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Mt. Moosilauke

Moosilauke has been the spiritual home of Dartmouth’s out-of-doors for over one hundred years. Through the generosity of numerous individuals, most notably Pennington Haile ’24, the College owns 4,600 acres on this 4,802 foot peak (about a third of the mountain above 2000 feet). It is the tenth highest peak in the state, with a summit many claim has the best view in the White Mountains. The vast majority of Dartmouth students are introduced to the College through DOC First-Year Trips culminating at the Moosilauke Ravine Lodge halfway up the mountain’s southern side. With steadily expanding interest in DOC cabins and summer programs at the Ravine Lodge, it is not surprising that Moosilauke has become a big part of Dartmouth’s culture.

Yet few people really take advantage of all that there is to experience at Moosilauke. The possibilities at Moosilauke are almost limitless. Whether it be afternoon strolls to your favorite spot, bushwhacking up ravines, winter overnights, or Lodge square dancing, your hours at this special place will be remembered forever. As Otto Schniebs, legendary Dartmouth Skiing Coach and Moosilauke trailbuilder, once said, “Ach, it is not a schport — it is a vay of life.”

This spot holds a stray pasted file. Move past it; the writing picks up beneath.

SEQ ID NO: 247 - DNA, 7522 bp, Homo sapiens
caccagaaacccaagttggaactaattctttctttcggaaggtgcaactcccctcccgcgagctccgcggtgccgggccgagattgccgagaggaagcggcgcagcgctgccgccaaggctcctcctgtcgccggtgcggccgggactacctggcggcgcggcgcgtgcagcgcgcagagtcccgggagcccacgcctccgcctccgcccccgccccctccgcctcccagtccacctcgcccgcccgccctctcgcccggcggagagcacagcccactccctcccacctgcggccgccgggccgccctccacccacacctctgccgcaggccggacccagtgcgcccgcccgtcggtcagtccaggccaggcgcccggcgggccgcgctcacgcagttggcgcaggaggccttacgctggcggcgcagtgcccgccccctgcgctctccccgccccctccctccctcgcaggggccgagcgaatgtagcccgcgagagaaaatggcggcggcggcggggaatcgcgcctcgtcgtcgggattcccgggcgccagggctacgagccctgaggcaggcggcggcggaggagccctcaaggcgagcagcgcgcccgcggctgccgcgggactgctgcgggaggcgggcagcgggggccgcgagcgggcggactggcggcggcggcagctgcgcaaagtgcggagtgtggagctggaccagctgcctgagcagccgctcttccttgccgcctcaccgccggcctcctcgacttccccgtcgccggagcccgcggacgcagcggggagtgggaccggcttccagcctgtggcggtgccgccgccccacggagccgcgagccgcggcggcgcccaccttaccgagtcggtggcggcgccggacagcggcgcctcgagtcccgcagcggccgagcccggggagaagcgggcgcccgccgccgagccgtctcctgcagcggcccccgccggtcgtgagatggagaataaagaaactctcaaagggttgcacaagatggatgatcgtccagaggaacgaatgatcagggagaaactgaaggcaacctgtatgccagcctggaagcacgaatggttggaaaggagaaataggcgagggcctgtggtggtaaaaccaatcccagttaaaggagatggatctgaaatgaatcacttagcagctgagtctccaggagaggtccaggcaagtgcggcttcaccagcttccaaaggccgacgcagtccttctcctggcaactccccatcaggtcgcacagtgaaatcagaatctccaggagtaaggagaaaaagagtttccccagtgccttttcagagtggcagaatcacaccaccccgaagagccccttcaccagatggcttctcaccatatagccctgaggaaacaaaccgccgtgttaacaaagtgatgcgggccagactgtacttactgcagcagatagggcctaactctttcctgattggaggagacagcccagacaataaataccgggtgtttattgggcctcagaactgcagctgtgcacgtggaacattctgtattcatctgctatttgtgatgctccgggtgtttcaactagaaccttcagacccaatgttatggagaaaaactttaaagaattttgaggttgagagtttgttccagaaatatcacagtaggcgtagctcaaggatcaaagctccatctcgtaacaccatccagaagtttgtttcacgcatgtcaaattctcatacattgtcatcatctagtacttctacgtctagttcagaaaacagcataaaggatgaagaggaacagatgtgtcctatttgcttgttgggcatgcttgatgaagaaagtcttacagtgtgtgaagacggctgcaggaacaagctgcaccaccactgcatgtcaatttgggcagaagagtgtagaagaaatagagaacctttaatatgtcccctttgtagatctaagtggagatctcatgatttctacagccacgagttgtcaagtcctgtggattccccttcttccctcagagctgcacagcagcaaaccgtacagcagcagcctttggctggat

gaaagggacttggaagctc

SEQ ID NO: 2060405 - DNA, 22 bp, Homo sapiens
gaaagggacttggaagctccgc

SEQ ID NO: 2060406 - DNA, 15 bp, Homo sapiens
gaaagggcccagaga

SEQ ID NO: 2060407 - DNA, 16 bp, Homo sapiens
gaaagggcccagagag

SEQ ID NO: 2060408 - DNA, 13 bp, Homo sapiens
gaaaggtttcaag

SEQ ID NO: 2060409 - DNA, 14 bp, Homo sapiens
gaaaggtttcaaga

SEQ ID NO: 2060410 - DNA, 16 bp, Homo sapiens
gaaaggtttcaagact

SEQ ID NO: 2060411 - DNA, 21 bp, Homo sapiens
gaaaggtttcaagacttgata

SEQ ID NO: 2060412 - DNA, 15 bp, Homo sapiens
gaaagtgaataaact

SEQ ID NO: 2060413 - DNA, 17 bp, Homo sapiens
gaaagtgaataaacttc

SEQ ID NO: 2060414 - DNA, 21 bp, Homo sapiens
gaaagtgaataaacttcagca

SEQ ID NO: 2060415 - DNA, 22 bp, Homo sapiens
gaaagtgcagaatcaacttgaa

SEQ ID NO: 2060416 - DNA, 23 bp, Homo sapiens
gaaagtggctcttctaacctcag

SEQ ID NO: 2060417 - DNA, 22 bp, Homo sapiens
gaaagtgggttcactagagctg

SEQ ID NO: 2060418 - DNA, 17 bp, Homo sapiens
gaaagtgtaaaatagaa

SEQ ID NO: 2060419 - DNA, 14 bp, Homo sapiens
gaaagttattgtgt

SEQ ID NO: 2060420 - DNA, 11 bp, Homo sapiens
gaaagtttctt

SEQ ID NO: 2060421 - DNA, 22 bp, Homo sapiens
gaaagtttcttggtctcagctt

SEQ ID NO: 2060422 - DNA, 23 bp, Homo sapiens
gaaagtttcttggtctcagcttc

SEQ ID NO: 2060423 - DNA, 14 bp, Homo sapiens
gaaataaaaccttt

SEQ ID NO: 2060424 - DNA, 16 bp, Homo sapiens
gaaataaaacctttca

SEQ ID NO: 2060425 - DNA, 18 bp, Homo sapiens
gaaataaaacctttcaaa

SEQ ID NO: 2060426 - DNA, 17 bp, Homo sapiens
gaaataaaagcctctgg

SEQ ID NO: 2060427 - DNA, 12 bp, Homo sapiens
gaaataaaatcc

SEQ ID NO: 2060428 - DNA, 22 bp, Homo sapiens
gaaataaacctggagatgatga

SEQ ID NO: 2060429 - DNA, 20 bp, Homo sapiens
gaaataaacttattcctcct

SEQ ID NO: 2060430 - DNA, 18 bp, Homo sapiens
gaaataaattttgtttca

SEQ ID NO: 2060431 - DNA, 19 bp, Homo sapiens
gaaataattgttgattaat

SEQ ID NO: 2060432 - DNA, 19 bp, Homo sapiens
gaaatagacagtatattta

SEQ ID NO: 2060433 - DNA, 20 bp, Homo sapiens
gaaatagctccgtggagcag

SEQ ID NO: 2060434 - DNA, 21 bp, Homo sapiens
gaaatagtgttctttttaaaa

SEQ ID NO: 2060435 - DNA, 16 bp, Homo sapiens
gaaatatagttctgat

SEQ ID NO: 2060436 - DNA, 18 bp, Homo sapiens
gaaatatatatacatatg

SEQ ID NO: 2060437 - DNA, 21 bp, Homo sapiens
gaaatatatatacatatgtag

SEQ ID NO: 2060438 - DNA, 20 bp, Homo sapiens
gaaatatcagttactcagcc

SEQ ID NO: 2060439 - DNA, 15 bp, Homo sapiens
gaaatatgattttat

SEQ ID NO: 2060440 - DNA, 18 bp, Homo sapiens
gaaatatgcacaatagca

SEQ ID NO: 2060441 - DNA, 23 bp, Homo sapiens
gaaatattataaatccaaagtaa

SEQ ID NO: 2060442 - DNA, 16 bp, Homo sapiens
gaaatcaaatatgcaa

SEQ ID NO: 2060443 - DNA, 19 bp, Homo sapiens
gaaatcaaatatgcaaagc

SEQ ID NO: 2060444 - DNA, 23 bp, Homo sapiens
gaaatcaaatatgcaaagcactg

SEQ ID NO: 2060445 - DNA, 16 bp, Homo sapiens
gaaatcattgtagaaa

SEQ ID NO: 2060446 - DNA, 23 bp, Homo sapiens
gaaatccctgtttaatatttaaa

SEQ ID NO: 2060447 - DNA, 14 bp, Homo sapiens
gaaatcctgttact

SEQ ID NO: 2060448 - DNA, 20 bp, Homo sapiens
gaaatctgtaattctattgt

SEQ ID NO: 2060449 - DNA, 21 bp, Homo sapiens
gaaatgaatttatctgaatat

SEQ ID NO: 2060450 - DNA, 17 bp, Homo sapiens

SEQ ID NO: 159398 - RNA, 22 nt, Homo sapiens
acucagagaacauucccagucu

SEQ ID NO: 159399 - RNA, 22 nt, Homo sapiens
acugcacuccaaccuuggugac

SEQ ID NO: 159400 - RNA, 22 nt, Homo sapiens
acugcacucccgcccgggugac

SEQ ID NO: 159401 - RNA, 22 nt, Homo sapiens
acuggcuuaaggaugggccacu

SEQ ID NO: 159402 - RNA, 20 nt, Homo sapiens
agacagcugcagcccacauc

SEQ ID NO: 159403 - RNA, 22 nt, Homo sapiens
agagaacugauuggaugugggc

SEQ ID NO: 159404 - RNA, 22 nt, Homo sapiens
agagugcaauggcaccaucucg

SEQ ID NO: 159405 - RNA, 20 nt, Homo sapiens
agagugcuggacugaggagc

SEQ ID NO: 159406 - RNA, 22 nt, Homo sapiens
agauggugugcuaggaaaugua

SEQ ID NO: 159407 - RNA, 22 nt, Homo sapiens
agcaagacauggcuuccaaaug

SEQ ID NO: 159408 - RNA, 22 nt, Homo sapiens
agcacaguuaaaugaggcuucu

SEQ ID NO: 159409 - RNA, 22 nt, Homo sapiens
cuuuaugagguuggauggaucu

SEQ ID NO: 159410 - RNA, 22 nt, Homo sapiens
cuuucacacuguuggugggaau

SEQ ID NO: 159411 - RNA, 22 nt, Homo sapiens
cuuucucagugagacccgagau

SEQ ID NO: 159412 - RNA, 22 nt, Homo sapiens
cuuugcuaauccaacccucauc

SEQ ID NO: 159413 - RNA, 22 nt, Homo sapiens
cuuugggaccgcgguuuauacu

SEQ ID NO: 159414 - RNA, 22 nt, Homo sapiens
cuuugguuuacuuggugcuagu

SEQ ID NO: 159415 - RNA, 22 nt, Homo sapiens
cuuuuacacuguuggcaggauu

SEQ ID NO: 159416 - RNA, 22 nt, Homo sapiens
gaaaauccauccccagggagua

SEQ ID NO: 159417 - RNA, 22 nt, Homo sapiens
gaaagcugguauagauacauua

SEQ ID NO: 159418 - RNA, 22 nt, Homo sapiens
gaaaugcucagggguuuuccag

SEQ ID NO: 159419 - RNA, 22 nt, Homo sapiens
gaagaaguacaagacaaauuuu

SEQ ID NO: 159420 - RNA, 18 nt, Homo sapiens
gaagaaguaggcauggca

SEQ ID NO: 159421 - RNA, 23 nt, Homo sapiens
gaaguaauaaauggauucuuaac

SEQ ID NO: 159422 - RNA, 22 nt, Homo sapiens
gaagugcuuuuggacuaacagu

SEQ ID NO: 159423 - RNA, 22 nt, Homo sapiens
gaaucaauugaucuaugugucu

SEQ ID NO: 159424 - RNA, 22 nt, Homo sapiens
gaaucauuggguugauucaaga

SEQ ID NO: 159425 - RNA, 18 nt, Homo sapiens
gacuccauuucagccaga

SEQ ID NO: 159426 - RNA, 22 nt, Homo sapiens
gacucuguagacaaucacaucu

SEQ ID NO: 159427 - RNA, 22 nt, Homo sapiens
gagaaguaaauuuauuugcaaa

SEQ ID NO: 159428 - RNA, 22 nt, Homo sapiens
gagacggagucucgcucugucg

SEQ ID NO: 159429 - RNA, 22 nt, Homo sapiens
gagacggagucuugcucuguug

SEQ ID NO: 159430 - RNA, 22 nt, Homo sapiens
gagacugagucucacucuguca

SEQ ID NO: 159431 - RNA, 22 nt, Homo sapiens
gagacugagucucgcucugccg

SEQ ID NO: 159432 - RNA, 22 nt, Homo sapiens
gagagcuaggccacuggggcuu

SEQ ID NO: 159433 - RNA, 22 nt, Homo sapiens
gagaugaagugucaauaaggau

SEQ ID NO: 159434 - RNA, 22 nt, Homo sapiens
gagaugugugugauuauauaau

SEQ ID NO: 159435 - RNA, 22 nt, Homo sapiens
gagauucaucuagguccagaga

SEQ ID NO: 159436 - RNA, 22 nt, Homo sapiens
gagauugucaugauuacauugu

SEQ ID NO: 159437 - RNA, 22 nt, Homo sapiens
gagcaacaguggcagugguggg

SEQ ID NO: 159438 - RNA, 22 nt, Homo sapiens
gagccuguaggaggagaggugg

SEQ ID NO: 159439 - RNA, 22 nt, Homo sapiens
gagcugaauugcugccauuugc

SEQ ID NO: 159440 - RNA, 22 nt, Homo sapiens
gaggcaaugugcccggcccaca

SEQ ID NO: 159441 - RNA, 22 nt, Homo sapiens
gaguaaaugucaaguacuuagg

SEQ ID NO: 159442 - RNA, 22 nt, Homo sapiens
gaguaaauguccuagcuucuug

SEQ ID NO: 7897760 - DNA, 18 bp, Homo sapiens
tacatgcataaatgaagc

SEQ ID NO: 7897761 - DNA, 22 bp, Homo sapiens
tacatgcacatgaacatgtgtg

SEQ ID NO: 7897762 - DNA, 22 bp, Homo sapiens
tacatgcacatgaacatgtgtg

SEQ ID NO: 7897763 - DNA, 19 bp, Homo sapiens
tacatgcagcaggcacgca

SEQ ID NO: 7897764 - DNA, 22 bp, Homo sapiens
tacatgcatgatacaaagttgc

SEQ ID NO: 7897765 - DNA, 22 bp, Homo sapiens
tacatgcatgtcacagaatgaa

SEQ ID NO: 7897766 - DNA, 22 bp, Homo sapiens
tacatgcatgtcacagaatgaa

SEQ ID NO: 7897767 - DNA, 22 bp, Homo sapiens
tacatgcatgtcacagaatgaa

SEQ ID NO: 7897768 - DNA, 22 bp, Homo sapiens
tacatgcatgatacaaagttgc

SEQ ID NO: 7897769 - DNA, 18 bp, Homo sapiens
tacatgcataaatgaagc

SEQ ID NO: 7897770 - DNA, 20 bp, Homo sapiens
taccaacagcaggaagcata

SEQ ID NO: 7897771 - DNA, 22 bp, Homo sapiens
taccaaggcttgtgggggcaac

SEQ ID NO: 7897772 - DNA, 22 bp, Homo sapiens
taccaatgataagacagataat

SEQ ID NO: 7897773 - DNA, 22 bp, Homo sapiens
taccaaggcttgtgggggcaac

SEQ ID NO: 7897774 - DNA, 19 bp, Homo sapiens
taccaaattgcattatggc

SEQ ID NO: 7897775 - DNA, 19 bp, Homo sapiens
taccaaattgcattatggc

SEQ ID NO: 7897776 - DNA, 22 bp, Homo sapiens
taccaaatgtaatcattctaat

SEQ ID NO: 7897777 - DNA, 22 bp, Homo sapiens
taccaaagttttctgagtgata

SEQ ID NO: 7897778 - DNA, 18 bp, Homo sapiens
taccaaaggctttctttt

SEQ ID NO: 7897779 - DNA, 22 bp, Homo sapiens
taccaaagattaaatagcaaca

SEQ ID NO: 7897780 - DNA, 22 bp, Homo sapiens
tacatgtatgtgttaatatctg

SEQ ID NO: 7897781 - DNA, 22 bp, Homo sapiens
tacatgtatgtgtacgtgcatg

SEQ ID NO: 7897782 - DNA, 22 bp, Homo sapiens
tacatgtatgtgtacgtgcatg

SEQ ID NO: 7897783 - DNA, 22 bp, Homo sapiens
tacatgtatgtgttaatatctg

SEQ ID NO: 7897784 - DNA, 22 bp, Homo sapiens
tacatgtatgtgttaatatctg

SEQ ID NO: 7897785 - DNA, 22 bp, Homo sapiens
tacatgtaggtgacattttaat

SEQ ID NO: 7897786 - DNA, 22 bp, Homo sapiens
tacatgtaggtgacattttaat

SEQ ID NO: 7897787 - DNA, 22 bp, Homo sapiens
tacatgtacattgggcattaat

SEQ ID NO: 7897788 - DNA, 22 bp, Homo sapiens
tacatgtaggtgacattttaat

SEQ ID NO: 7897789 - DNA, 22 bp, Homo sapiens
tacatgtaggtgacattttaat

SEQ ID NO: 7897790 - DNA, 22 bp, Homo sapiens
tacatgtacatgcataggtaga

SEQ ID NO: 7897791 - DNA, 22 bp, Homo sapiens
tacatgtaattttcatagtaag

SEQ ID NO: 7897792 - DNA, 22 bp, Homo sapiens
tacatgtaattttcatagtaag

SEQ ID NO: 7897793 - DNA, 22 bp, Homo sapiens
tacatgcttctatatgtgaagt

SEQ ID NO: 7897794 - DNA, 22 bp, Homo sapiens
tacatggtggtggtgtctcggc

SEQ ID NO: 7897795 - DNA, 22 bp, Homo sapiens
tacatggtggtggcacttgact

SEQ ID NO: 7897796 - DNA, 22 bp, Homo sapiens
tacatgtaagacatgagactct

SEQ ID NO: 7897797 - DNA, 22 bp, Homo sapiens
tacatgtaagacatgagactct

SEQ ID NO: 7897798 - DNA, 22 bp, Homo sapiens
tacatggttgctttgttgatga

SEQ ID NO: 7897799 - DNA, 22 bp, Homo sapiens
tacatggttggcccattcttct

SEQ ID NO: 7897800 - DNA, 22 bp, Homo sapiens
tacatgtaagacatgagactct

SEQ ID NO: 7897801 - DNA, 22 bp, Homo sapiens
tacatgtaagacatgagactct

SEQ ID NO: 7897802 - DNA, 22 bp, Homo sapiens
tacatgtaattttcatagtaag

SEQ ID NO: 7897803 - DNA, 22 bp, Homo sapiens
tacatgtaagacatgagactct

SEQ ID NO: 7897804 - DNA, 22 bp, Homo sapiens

Overview of Attractions

The Summit: 360 degree view, 100 acres of alpine tundra, ruins of Summit Camp and two Summit Cabins.

Beaver Brook Cascades: Some of the finest cascades in the region.

South Peak: Less frequented than the main summit, great views of Warren NH nearly 4000 feet below.

Jobildunc Ravine: Spectacular glacial cirque. Difficult bushwhack access to base, good views of headwalls from Gorge Brook, Upper Beaver Brook, and particularly from viewpoint on Al Merrill Ski Loop.

Little Tunnel Ravine: Another glacial cirque; northeast of the Benton Trail. Numerous cascades and good views into ravine from Benton Trail.

Ravine Lodge area: Unique, historic log building.

The above are the obvious high points, but they are only a beginning to the adventures possible. Within this thirty square mile mountain region are miles of idyllic streams, old logging roads, rock slides, subsidiary summits, and intriguing woods to explore. Subject to your route-finding and map-reading ability, the possibilities are endless.

Last Updated: 4/14/14